When you receive a paycheck from an employer, you pay 6.2% of your earnings towards Social Security (up to a maximum of $127,200 of your earnings in 2017) and 1.45% of your earnings towards Medicare. Together, these two components are what is referred to as “FICA”, or the “Federal Insurance Contributions Act.” Your employer is then required to match those amounts. Of course, when you are a sole proprietor or a general partner, YOU are the company. Because of this, you end up having to pay the entire 15.3% (6.2%+6.2%+1.45%+1.45%). You do, however, get to take what you pay for self-employment tax as an income tax deduction (what you owe for federal taxes, a separate component from the self-employment tax). To calculate this deduction, you would multiply your business net income by 92.35% (100% – 6.2% – 1.45%). The result is then multiplied by the self-employment rate of 15.3%. This gives you the self-employment tax you owe. Divide that number by 2, and you arrive at the deduction you can take to lower your adjusted gross income. Here’s an example:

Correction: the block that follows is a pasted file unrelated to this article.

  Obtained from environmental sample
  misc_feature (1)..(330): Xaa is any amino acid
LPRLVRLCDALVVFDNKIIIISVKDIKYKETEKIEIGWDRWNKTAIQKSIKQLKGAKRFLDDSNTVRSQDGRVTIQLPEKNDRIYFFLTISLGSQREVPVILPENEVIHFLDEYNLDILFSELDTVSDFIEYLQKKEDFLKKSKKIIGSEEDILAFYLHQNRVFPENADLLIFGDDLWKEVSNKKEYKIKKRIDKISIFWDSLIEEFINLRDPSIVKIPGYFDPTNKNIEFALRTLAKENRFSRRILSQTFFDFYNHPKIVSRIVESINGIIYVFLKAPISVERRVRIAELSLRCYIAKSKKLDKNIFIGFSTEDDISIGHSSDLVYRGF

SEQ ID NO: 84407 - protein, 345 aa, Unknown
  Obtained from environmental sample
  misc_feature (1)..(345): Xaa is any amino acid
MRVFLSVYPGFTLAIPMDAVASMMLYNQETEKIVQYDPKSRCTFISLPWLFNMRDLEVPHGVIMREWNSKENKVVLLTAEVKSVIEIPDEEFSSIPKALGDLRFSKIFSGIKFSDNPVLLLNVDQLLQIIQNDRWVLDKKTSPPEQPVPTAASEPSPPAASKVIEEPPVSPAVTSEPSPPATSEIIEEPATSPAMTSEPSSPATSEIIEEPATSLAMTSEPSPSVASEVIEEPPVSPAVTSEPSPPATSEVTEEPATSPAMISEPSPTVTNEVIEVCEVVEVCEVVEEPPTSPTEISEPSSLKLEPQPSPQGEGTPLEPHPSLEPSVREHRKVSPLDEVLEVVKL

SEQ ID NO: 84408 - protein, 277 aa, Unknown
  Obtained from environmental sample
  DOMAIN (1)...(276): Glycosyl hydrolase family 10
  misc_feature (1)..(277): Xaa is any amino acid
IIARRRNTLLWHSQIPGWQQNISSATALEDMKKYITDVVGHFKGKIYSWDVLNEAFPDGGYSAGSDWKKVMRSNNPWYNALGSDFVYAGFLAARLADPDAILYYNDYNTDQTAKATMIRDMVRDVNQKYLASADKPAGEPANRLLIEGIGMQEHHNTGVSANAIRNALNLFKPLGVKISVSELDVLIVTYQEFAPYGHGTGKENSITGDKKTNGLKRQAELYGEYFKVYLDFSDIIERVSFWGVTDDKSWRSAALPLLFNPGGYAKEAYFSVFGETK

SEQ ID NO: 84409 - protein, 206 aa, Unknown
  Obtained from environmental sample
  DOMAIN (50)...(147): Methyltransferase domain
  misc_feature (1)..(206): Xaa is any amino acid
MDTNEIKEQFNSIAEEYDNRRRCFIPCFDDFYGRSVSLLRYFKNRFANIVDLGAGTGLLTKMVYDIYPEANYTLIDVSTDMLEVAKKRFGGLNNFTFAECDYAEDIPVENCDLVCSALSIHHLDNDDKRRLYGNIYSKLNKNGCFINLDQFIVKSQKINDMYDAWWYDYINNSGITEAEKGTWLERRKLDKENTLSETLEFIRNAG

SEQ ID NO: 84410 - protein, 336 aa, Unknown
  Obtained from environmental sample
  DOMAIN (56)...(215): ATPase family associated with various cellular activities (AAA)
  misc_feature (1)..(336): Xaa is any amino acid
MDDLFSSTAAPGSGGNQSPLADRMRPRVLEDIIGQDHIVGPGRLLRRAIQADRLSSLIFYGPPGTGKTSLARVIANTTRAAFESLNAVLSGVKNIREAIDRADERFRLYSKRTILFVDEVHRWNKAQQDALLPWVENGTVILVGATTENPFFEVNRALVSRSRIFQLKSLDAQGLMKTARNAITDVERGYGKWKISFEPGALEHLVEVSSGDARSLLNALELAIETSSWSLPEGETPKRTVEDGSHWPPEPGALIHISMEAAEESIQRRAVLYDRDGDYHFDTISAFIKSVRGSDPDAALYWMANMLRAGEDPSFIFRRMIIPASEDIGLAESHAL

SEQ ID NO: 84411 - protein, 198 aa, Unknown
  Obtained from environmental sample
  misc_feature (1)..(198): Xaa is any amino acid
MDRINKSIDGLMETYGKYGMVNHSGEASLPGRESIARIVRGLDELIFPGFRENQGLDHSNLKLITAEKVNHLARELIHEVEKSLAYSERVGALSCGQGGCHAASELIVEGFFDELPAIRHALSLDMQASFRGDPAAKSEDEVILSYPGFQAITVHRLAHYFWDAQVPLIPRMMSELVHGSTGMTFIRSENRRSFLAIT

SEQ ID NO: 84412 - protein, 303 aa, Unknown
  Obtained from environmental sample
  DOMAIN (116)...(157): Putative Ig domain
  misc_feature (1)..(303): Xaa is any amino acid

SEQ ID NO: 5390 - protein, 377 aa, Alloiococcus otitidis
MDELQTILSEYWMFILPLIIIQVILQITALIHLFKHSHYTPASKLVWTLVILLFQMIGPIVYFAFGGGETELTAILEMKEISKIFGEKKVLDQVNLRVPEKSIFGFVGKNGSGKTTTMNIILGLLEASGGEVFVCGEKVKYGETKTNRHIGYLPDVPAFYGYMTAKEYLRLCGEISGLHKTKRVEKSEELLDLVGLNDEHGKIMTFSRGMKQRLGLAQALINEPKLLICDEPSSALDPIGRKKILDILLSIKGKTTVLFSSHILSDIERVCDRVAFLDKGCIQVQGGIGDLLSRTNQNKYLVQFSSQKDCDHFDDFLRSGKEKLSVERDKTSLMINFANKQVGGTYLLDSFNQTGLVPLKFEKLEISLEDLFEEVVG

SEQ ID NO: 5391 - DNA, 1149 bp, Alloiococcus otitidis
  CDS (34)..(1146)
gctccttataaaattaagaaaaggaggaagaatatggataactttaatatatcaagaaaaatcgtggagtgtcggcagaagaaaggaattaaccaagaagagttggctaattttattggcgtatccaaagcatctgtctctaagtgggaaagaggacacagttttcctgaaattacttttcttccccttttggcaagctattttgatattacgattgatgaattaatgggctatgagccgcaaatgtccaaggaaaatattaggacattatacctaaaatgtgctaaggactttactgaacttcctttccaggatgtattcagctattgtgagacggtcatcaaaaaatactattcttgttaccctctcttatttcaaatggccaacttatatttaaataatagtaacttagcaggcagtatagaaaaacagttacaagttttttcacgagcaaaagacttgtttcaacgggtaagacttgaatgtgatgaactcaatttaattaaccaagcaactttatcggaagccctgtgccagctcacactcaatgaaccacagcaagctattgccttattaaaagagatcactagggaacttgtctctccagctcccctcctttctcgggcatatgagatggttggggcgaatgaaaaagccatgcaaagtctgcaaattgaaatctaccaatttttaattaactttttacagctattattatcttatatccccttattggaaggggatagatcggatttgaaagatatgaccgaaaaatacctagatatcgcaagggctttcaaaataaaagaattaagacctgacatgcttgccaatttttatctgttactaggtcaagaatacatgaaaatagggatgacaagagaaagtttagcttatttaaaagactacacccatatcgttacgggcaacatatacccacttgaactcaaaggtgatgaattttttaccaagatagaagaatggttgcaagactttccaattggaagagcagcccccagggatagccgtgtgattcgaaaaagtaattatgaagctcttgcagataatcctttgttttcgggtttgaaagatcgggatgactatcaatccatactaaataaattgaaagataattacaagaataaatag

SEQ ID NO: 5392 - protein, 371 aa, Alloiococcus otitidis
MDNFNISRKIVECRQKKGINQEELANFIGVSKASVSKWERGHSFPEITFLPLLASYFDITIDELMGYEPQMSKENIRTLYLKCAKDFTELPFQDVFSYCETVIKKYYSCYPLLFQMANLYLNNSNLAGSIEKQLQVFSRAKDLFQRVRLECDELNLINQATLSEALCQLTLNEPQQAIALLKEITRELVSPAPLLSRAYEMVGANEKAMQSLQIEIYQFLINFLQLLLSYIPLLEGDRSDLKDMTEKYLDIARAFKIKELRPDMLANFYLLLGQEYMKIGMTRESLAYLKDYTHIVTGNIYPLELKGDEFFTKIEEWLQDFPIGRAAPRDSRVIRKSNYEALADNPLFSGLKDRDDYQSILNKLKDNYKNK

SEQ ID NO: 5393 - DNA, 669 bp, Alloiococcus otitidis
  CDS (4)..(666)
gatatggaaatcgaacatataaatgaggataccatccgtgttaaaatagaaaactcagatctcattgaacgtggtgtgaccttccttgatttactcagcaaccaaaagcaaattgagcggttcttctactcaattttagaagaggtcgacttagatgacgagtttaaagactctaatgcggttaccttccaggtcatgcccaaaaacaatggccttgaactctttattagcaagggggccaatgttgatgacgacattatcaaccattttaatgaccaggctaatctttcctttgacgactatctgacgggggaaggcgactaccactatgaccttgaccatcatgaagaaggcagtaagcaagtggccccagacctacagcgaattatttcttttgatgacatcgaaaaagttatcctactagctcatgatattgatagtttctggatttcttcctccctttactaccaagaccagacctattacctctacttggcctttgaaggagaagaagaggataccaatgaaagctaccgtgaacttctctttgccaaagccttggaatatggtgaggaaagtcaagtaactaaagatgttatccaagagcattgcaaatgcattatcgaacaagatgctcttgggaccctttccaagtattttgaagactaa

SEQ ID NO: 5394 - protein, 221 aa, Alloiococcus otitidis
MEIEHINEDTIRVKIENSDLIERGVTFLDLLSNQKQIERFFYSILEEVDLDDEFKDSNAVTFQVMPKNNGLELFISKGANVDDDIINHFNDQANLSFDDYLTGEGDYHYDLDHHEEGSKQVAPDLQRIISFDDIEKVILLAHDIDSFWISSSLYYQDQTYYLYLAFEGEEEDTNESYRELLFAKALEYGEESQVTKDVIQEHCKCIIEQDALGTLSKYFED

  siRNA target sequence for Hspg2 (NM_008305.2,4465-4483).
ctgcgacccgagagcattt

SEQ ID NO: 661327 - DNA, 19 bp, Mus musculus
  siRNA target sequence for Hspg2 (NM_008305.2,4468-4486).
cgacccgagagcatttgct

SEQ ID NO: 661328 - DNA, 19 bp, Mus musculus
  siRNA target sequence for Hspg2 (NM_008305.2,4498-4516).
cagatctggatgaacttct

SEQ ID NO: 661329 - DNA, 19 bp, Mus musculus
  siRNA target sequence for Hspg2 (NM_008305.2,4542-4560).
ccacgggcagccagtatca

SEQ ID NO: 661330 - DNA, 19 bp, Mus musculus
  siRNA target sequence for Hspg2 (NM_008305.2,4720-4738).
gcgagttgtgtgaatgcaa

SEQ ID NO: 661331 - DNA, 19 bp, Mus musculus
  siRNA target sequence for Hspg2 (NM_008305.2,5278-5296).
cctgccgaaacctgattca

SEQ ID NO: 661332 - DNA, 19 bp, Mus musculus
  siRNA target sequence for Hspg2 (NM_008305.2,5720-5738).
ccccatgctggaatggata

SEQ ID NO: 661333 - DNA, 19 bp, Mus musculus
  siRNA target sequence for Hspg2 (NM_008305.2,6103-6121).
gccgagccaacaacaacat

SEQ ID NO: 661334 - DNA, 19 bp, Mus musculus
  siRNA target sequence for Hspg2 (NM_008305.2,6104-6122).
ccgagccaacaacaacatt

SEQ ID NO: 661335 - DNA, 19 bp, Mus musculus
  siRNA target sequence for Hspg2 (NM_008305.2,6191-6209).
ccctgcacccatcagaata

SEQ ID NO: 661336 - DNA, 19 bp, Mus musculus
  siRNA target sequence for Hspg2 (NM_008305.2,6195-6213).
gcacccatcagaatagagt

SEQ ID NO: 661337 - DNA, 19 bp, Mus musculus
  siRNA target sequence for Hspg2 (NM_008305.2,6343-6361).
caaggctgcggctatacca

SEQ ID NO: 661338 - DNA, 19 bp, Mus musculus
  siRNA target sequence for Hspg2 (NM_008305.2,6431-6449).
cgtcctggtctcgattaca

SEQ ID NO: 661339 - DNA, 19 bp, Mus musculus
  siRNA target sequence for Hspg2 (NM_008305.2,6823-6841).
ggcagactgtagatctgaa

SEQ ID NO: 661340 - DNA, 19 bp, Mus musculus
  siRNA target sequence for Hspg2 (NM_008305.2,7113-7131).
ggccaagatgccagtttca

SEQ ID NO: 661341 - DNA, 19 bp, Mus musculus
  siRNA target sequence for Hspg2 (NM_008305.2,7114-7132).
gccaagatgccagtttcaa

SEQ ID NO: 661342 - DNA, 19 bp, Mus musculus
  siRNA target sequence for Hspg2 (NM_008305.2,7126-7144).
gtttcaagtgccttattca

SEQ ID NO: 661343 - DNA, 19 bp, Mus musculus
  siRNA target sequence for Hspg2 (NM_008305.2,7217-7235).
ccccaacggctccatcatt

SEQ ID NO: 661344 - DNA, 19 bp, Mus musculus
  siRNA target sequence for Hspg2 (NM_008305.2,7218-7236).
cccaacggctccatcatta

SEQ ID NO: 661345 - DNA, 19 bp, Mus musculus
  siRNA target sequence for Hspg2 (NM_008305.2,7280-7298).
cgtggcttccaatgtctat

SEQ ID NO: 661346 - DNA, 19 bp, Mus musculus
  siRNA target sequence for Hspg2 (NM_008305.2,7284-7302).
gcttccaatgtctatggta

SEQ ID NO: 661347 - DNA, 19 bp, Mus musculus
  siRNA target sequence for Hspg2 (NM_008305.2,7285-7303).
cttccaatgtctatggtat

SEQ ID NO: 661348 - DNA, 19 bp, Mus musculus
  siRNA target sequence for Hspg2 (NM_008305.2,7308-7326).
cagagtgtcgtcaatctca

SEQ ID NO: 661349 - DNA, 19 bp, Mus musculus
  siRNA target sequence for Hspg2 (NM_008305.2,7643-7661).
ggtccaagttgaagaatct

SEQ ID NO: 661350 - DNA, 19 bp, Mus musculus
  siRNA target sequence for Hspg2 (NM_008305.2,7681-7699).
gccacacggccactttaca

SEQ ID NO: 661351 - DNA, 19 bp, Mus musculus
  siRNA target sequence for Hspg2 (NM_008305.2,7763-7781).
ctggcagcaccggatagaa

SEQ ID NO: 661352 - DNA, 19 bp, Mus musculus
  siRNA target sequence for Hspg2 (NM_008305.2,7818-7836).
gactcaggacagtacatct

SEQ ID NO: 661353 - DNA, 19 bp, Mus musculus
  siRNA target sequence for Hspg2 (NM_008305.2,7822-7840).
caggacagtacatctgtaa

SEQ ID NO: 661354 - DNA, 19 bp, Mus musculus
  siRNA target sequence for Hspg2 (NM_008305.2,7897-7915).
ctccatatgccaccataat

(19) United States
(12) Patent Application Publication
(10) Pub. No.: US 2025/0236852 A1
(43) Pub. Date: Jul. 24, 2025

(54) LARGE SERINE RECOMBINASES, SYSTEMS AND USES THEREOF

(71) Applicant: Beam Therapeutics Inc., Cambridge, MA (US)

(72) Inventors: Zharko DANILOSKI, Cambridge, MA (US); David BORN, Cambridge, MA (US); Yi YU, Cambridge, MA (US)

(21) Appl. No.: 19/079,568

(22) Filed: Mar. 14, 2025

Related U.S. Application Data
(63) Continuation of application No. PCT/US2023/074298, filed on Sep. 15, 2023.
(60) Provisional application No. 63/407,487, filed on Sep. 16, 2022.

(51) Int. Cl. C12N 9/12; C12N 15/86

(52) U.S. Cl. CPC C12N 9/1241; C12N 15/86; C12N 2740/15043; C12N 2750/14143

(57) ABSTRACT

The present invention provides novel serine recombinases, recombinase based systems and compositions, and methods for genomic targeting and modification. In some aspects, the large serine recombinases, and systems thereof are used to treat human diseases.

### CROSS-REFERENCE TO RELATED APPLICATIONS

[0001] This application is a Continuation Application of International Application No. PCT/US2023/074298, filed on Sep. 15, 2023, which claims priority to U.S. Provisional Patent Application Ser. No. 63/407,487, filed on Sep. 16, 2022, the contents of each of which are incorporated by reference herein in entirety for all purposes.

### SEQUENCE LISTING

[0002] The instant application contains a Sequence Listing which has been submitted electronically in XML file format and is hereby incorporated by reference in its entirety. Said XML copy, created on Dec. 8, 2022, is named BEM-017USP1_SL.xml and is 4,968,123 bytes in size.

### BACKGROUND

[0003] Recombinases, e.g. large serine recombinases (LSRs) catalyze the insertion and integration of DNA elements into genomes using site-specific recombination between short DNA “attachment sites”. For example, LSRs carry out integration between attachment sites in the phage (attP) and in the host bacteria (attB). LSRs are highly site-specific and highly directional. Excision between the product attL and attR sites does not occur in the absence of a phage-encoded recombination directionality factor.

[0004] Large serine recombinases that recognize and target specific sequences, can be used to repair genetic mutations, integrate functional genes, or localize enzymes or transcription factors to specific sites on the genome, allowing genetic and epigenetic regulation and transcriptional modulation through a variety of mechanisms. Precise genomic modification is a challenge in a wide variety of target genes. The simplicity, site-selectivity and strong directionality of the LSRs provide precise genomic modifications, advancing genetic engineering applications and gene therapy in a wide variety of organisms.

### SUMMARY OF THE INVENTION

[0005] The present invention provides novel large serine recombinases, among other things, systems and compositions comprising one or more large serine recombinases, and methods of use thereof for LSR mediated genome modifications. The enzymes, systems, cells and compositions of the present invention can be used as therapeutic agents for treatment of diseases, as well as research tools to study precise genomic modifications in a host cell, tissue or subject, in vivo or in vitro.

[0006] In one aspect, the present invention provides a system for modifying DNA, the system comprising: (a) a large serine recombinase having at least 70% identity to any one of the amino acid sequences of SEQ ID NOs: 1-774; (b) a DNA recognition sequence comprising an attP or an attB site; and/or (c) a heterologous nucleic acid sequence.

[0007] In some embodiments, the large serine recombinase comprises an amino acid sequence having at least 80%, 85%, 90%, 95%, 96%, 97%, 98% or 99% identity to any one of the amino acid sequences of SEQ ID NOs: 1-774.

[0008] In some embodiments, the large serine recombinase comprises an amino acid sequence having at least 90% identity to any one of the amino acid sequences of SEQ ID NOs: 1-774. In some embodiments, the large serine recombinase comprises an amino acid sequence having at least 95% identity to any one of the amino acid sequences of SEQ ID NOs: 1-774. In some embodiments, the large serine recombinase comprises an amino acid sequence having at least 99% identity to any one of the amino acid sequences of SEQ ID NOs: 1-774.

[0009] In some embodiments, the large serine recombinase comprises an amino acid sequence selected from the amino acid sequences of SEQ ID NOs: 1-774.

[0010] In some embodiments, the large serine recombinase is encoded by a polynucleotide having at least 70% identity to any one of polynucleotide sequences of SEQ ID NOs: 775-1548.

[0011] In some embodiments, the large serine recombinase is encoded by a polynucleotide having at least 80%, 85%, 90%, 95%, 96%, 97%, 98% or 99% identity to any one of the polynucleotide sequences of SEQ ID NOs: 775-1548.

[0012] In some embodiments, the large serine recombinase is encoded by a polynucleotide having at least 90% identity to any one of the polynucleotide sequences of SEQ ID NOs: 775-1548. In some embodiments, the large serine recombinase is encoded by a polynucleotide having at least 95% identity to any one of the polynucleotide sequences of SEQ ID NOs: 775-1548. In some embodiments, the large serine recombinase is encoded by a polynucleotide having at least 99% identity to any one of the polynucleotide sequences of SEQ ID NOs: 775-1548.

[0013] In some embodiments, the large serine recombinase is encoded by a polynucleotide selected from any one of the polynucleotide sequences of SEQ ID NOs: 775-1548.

- After expenses, your sole proprietorship net income = $50,000.
- Multiply $50,000 x 92.35% = $46,175.
- Multiply $46,175 x 15.3% = $7,065 (your self-employment tax on $50,000 of net income from the business).
- Divide $7,065 / 2 = $3,532 as the deductible part of your self-employment tax, reported on line 27 of your form 1040.
There are some types of income that are not subject to self-employment tax, which is why it is always best to consult a tax professional before trying to figure out what your self-employment tax will be come tax time.